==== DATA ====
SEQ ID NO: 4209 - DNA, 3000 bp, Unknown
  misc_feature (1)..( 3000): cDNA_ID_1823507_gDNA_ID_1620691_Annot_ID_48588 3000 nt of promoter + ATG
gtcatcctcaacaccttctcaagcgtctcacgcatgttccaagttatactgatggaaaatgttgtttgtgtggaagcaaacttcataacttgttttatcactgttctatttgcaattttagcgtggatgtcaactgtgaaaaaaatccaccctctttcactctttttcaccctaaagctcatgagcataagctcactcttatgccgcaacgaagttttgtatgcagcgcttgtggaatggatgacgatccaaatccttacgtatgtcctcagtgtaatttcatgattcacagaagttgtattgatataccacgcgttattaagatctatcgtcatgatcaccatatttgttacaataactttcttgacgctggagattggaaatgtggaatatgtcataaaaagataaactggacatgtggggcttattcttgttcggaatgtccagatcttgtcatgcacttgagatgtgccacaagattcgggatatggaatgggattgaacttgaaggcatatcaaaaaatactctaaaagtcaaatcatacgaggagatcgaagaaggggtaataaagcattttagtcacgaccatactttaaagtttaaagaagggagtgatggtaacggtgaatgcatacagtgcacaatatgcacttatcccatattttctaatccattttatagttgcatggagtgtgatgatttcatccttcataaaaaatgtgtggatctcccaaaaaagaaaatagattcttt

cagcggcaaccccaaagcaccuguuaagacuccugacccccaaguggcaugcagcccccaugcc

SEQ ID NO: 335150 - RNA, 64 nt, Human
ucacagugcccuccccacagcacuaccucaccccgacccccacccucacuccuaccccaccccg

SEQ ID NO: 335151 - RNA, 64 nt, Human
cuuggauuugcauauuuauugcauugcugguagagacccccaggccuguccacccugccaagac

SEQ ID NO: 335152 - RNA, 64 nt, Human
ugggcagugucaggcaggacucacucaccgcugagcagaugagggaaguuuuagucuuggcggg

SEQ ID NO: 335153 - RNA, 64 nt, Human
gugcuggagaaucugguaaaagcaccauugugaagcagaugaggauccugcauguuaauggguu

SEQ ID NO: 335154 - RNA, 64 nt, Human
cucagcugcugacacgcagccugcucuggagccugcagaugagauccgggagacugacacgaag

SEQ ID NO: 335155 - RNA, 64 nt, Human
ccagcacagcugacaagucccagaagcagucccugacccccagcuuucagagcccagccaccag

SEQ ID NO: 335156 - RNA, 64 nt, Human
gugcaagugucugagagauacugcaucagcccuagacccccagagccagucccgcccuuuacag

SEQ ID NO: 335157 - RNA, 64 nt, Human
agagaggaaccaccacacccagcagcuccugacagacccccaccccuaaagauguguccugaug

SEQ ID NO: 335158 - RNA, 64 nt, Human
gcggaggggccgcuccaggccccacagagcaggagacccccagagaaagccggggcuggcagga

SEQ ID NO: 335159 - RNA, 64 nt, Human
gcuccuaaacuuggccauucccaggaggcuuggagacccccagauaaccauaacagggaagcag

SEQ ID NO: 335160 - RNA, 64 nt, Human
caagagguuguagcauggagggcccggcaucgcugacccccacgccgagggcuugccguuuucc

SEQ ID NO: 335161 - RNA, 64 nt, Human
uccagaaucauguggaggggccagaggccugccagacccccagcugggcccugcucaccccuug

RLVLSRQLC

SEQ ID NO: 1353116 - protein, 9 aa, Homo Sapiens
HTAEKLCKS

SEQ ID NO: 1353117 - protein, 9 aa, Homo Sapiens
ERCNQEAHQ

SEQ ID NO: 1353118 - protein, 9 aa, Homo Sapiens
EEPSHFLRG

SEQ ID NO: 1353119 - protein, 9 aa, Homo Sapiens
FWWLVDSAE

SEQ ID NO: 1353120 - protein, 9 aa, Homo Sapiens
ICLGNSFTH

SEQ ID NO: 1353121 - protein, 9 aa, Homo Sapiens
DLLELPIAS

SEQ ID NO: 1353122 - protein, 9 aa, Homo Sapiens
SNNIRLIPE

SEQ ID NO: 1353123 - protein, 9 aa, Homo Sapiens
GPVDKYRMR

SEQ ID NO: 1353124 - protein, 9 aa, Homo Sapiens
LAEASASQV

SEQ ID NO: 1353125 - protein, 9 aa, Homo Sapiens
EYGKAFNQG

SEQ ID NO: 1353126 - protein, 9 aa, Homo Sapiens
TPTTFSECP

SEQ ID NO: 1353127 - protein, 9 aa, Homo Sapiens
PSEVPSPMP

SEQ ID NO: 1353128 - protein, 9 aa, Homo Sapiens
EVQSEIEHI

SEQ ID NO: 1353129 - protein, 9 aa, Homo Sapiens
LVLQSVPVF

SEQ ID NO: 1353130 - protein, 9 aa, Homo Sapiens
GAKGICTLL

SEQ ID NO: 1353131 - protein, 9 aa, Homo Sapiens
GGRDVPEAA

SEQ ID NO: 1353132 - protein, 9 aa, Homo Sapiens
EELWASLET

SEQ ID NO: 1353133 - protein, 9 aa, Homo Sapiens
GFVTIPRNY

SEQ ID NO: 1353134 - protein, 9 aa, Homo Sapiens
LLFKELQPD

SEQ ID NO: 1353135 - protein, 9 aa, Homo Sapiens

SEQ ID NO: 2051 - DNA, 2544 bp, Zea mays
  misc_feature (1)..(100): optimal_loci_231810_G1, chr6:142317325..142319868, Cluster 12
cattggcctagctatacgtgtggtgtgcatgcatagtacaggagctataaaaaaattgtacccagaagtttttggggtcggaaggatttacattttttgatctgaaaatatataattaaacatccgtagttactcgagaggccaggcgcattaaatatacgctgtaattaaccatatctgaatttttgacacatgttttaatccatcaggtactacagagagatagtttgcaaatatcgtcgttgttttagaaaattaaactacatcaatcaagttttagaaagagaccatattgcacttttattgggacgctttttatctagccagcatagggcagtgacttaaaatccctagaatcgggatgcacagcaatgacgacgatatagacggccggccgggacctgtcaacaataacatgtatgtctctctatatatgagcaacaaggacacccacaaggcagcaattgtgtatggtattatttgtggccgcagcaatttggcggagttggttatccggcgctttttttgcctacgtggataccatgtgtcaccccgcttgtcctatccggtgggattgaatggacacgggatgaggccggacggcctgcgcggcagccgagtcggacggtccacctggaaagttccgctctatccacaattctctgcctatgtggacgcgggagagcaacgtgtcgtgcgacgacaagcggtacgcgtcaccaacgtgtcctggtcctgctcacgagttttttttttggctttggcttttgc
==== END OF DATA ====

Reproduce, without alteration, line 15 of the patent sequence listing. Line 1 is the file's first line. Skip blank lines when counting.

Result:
SEQ ID NO: 335155 - RNA, 64 nt, Human